Tuesday, March 18, 2008

MZM Outside America

I have discussed the issue of the definition of the money supply several times (see here, here and here), usually focusing on the American money supply definition and usually with the advocates of Frank Shostak's very narrow definition. Instead, I have argued that the money supply definition known as MZM (Money of Zero Maturity)is the best. In America there is no doubt as to what MZM consist of and it is even published by the St. Louis Fed.

The problem is that in other countries, this definition is not available. And the definition of what constitutes M1, M2 and M3 usually differ between different countries. So instead most people (including until recently me)uses M3 as the best broad money supply definition for all countries. Yet I have recently reconsidered this. When preparing a report for Swedish free market think tank Timbro about Swedish monetary policy which will soon be released (Unfortunately for my non-Swedish readers, it will be in Swedish), I started to actually look at what the different money supply measures included. And it became immediately clear to me that M3 is too broad. M3 included for example interest-bearing securities held by the Swedish public with a maturity of up to two years. A two-year bond could hardly be considered money in my view, as it implies that the holder of it has given up the money invested in it for two years, unless he can find someone else willing to take over that commitment by buying the bond. And the same thing really goes for 1-year bonds and treasury bills. Of the non-M2 M3 items, only money market fund holdings can be considered money. Non-M1 M2 is more unclear since it seems to package together without any subdivision both saving deposits (which should be considered money) and genuine time deposits (which should not be considered money). Still, overall M2 seemed like the best of the three M's. Note that this applies to the euro area too as the Swedish definition is explicitly harmonized with the one used by the ECB.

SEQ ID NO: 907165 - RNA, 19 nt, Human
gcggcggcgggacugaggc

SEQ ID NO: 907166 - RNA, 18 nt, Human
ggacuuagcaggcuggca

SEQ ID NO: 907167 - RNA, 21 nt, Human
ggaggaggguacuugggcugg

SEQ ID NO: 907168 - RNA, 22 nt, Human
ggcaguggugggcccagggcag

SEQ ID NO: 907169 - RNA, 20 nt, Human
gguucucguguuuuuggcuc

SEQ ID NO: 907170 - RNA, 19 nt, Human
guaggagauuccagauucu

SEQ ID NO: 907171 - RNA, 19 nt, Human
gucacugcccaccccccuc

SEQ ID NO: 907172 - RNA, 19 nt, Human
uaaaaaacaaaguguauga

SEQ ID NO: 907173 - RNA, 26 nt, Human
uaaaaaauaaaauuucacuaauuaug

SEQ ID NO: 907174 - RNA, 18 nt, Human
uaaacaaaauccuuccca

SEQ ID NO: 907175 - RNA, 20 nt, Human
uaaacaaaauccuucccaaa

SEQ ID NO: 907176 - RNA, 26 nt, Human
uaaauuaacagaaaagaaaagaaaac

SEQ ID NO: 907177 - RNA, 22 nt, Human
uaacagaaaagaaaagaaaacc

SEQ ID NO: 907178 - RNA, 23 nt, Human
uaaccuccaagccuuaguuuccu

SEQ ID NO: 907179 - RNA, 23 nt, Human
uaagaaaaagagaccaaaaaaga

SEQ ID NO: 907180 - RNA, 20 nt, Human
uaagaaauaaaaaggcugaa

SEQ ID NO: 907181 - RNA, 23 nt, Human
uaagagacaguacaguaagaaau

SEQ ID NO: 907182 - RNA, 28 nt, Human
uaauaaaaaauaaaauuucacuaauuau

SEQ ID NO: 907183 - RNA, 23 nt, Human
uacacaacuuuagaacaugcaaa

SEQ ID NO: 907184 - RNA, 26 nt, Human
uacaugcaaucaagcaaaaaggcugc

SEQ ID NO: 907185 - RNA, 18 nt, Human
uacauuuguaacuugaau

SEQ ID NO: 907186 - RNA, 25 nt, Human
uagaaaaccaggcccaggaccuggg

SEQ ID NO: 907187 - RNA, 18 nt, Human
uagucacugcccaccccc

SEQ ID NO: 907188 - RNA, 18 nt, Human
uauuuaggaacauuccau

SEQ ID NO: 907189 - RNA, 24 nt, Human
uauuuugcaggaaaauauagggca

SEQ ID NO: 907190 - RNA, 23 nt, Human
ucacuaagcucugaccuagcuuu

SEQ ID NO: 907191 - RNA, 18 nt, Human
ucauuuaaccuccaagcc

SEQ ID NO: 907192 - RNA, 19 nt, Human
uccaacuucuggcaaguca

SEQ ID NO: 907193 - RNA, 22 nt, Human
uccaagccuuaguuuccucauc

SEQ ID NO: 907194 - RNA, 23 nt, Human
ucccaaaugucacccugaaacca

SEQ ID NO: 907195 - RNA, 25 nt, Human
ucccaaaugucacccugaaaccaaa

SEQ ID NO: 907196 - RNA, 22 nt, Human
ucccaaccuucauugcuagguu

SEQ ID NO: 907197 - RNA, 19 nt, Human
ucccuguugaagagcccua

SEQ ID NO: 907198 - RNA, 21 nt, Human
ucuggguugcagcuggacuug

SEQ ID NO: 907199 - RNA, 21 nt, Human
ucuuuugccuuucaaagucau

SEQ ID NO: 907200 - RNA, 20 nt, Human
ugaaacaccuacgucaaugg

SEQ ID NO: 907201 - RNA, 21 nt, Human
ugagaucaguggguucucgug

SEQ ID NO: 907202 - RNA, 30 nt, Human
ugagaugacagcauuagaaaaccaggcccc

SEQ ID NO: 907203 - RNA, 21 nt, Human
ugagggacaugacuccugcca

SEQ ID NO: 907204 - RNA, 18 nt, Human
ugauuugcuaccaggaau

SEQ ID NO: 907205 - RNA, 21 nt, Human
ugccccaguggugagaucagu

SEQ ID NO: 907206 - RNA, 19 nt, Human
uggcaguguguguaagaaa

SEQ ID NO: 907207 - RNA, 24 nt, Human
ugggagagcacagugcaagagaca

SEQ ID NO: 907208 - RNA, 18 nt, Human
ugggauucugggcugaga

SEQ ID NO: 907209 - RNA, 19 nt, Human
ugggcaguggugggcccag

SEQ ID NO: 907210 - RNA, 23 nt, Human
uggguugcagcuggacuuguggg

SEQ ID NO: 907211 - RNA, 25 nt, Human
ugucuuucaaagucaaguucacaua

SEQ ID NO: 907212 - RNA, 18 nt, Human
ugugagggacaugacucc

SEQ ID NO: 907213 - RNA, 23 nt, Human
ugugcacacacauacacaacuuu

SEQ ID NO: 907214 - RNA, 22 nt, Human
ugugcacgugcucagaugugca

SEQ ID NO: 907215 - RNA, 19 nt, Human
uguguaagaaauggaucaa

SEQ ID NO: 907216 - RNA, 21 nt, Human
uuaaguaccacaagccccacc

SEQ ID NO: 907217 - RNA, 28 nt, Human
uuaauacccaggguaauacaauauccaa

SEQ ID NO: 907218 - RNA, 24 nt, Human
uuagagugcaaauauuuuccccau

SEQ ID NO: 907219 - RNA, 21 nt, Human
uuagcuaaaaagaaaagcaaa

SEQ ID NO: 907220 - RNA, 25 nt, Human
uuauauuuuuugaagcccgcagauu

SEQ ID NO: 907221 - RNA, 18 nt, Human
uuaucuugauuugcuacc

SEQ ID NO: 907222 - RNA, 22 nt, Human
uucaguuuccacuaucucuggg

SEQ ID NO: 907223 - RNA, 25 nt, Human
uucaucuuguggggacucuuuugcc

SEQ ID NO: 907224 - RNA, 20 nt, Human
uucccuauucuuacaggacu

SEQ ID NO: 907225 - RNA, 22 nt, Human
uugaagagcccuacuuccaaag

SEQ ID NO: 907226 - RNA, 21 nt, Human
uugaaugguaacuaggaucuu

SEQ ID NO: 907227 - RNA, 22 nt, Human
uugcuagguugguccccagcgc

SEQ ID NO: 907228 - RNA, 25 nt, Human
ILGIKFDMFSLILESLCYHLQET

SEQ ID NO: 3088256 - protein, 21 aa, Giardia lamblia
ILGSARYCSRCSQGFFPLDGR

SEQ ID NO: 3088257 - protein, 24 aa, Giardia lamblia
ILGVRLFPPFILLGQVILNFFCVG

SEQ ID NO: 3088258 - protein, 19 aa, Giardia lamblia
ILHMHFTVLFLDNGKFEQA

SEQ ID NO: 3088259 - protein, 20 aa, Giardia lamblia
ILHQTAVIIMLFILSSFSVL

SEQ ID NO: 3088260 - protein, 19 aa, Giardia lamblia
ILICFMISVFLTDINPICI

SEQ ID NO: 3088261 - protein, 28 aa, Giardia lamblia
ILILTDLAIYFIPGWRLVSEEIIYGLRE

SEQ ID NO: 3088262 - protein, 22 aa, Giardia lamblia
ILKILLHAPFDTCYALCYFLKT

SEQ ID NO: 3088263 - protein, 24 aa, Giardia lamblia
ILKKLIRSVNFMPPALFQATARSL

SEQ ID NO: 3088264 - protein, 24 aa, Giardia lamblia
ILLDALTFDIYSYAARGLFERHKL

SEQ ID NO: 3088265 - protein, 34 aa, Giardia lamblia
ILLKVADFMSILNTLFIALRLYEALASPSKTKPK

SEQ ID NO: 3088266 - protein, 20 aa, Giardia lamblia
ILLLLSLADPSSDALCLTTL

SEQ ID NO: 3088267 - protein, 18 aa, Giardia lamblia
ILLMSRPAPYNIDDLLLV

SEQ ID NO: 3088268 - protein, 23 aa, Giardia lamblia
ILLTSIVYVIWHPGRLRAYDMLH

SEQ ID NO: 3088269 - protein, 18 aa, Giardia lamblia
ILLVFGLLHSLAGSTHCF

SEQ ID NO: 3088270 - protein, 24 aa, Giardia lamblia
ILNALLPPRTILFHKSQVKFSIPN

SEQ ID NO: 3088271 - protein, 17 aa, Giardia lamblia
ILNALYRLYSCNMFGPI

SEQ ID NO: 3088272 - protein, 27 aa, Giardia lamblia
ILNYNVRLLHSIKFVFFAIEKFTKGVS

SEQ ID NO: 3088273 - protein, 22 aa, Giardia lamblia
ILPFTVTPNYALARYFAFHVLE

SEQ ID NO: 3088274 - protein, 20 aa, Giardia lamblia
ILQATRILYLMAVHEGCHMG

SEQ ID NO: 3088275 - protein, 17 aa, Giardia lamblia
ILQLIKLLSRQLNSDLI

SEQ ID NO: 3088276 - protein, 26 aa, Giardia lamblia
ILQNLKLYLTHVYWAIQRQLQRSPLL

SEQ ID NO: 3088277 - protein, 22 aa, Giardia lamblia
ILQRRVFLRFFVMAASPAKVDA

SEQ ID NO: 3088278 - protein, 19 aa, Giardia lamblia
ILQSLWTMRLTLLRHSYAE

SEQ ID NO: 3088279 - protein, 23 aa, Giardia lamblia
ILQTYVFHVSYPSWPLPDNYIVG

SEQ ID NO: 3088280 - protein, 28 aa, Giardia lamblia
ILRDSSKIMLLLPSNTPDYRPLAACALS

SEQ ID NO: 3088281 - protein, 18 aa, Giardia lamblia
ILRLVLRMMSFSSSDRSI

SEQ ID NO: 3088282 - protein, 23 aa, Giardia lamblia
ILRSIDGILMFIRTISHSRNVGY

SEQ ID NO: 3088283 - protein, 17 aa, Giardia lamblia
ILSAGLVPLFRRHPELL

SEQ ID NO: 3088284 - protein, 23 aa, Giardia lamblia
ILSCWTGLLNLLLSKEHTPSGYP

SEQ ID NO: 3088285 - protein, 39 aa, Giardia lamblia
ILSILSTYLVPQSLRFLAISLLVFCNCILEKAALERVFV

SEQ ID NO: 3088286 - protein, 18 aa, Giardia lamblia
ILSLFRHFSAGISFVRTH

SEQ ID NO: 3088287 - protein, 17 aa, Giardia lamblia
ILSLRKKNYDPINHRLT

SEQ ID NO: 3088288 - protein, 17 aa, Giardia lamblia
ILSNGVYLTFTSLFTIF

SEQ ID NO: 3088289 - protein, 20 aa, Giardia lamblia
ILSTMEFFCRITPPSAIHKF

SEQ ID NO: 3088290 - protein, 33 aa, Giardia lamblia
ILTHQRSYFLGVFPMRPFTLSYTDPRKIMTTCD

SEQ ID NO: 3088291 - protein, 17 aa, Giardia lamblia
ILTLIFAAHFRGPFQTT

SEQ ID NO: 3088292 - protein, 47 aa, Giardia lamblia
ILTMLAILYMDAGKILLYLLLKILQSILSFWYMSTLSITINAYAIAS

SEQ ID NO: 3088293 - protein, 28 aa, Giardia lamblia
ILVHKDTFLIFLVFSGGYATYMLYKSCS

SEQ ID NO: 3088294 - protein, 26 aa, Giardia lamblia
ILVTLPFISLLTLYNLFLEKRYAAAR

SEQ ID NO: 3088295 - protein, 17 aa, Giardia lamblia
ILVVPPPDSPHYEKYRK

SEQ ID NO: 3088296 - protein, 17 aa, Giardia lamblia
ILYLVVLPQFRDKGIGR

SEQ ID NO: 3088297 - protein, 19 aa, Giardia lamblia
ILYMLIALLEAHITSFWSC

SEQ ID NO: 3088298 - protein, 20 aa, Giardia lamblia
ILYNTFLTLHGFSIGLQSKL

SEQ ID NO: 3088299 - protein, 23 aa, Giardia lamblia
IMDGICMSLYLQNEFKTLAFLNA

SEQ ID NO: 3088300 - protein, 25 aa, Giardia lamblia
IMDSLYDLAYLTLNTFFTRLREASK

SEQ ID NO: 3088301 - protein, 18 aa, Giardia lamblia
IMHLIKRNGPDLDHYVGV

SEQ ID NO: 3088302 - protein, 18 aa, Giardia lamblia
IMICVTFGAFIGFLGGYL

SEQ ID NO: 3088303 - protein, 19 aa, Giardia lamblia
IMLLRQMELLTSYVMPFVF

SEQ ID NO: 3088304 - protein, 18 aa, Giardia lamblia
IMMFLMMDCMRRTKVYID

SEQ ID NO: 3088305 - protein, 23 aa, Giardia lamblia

What this reminds us of is that money supply definitions can be too broad as well as too narrow. And I suspect that M3 is too broad in many other countries as well. In New Zealand for example M3 explicitly includes all funding of New Zealand financial institutions, whereas M2 only includes funding that "can of right be broken without break penalties". Although it is unclear what these penalties consist of, it seems clear that we're here talking about time deposits. Similarly, in Australia M3 also includes CDs and other time deposits. However, no M2 seems to be available on the monetary aggregates page of the Reserve Bank of Australia web site, so the best money supply definition seem to be M3 minus time deposits or alternatively M1 plus "other deposits".

This discussion may seem technical, but as the growth of different money supply definitions often differ significantly (In recent years, broader aggregates seem to grow faster in most countries) it is relevant for determining just how strong inflationary pressures from the monetary system is. In the case of New Zealand, we see M2 shrinking by 1.4% while M3 is up 8.9%. In Australia and Sweden all monetary aggregates show significant growth, although M3 is growing significantly faster than the other aggregates in both countries.


Anonymous newson said...

is this a retraction of your previous criticisms of north/shostak/shedlock money definition, which you deemed too narrow?